The debate over whether or not to return to the physical workplace has heated up in recent weeks as major firms, from Google to Wall Street, have called employees back into the central office. One of the ongoing concerns is the impact of such a return on productivity and employee engagement.

A recent report from PwC noted the ongoing demands from employees for flexibility as one of the main reasons companies are rethinking how and where to work. Nearly half (44%) of employees say they want to work remotely three days a week or more post-pandemic. And there's no lack of stories about people willing to leave their jobs to maintain this flexibility rather than return to the office.

In fact, six months ago, Adobe took a look at the Great Resignation and found that more than one in three employees planned to quit their jobs. Adobe recently updated its research to show where workers went or why they opted to stay at their current job.

The Future of Time report surveyed 1,400 managers and employees across large enterprises and small-to-medium businesses (SMBs) to find out the effects the Great Resignation has had. Some of the findings include:

  • One in five (21%) enterprise managers applied for a new job, 26% received a new job offer, and 6% started a new job.
  • Slightly fewer enterprise employees (18%) applied for a new job, 17% received a new job offer, and 9% started a new job.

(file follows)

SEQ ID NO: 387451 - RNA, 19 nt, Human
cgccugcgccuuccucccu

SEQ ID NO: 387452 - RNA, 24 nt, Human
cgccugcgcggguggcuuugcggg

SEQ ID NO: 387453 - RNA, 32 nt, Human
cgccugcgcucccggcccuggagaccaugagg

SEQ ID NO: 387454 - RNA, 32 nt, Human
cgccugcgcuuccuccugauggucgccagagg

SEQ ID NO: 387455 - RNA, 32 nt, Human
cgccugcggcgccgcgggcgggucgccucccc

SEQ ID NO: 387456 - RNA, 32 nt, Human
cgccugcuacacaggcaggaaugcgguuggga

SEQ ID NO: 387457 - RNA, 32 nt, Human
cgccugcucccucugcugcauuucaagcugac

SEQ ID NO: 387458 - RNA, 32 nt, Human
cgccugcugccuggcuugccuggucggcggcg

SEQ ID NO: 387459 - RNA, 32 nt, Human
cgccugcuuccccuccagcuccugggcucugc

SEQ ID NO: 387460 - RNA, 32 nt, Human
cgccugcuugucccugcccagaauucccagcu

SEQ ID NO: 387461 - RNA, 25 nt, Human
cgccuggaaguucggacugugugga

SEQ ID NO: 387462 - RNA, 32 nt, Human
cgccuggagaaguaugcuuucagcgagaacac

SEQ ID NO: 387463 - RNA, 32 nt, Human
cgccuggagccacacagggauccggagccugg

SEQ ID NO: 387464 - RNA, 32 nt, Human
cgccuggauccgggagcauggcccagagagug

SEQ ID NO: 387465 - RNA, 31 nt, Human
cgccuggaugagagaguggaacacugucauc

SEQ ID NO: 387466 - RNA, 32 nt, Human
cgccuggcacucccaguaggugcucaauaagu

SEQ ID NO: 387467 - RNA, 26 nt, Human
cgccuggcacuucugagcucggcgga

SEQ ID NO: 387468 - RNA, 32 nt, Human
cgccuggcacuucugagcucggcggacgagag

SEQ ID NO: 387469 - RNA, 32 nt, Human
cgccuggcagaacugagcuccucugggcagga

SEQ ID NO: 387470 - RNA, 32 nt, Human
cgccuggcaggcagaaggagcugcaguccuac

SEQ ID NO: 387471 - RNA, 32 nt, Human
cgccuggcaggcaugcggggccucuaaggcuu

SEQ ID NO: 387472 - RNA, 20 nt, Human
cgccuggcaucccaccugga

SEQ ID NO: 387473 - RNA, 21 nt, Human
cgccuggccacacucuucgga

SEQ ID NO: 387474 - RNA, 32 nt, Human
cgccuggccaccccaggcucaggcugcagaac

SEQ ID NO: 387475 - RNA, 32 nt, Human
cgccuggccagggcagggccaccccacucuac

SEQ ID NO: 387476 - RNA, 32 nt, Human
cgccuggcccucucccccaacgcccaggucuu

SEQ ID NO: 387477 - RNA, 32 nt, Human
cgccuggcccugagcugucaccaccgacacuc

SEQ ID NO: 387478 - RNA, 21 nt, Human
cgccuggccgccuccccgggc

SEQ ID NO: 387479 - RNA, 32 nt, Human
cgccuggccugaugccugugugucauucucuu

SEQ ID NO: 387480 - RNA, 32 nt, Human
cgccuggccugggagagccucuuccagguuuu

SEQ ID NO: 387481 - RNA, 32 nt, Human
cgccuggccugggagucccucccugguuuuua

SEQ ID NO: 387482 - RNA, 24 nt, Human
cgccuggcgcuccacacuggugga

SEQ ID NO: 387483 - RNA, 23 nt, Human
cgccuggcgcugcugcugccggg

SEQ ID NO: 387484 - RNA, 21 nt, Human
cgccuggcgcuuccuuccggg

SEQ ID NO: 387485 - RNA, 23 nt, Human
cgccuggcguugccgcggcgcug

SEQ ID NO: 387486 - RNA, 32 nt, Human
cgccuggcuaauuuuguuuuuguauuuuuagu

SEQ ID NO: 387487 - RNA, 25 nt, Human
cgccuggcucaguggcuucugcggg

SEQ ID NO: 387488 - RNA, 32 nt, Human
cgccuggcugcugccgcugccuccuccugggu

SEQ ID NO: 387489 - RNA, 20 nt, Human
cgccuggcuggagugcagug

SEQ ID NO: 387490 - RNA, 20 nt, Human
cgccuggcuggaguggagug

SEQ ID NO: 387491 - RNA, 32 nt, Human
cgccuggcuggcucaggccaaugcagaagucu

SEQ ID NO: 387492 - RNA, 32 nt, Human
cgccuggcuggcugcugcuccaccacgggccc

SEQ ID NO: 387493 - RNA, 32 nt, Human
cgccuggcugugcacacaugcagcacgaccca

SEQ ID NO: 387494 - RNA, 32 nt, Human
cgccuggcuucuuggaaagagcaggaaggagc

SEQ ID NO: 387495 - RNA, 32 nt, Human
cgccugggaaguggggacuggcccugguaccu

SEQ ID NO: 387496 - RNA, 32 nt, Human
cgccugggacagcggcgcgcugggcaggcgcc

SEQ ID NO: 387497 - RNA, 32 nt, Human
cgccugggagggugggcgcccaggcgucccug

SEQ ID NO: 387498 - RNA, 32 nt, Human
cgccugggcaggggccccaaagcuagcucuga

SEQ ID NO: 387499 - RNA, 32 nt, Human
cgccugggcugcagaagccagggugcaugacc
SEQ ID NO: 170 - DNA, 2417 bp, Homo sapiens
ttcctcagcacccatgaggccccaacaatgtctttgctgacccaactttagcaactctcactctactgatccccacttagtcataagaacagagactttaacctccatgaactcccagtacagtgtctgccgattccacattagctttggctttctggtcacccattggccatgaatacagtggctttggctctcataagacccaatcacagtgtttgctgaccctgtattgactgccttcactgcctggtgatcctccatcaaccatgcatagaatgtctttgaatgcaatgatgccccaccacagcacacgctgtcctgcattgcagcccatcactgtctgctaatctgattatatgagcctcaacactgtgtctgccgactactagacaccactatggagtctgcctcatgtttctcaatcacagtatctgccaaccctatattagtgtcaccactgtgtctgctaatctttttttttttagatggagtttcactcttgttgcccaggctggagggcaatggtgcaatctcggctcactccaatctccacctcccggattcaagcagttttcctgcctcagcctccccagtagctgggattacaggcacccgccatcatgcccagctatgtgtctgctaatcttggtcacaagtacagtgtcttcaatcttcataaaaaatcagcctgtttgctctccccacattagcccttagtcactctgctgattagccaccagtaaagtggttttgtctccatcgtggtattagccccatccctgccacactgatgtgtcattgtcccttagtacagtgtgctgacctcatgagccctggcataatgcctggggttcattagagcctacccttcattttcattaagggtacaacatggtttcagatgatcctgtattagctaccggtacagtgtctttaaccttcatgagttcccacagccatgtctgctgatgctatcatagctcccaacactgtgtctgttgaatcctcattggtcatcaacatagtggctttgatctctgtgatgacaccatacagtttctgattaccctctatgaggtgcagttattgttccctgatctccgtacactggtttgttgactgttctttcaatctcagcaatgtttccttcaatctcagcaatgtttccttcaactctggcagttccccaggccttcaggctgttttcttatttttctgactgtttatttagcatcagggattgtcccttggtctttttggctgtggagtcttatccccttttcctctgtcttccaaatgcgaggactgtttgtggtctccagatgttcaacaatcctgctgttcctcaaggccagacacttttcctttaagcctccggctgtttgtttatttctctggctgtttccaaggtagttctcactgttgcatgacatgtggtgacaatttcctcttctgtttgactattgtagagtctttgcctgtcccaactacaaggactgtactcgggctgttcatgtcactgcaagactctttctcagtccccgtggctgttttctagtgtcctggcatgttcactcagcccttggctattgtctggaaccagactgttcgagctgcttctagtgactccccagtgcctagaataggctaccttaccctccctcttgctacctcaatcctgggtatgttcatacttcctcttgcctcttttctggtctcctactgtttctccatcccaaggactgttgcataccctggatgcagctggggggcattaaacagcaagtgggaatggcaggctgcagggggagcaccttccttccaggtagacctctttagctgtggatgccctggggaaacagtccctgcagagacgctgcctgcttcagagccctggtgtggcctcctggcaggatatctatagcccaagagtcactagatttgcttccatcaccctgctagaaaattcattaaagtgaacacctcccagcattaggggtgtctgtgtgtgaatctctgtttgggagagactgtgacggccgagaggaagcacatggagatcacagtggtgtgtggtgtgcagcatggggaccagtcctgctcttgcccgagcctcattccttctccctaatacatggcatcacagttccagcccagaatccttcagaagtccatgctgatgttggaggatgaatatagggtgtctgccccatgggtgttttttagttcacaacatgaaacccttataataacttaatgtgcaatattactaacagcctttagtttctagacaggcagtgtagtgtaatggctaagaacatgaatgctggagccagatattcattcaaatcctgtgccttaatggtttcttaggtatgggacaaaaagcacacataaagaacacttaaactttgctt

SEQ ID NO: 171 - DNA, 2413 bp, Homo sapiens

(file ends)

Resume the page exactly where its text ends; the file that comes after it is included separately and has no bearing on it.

• Those that left their job switched to a new industry (42%), started their own business (16%) or became a freelancer (10%).
  • Among some of the top reasons for switching to a new job, employees cited increased pay (93%), opportunities to learn new skills (90%), access to better benefits (88%) and opportunities for growth (87%) as key motivators.

 For those that failed to push digital transformation strategies, the future looks uncertain. It showed that:

  • One in three managers and employees who did not resign from or apply for a new job in the past six months are considering pursuing one in the next year.
  • One in two Gen Z respondents are considering pursuing a job in the next year and one in four in the next six months.
  • One in two employees are more likely to leave their jobs because of uneven access to modern digital tools, and 65% say that lack of access has led to increased burnout.

Employees who decided to stay cited the following reasons:

  • Proper company recognition (managers: 37%; employees: 31%)
  • Pay raises (managers: 29%; employees: 26%)
  • In-person and remote flexibility (managers: 26%; employees: 24%)
  • Improved listening (managers: 36%; employees: 24%)
  • Hours and schedule flexibility (managers: 25%; employees: 23%)

The bigger picture from the report was this: 40% of enterprise managers and 25% of SMB leaders saw increased resignations over the last six months, with those working in SMBs more likely to move on than those working in big companies. As the pressure to return to a central office heats up, we will continue to look for the fall out.

Frame.io Emerges After Adobe Buy

Also from Adobe this week, the company has remained silent on its plans following the August 2021 buy of online video collaboration platform Frame.io for $1.27 billion. This week, it broke its silence with the availability of Frame.io for Creative Cloud customers.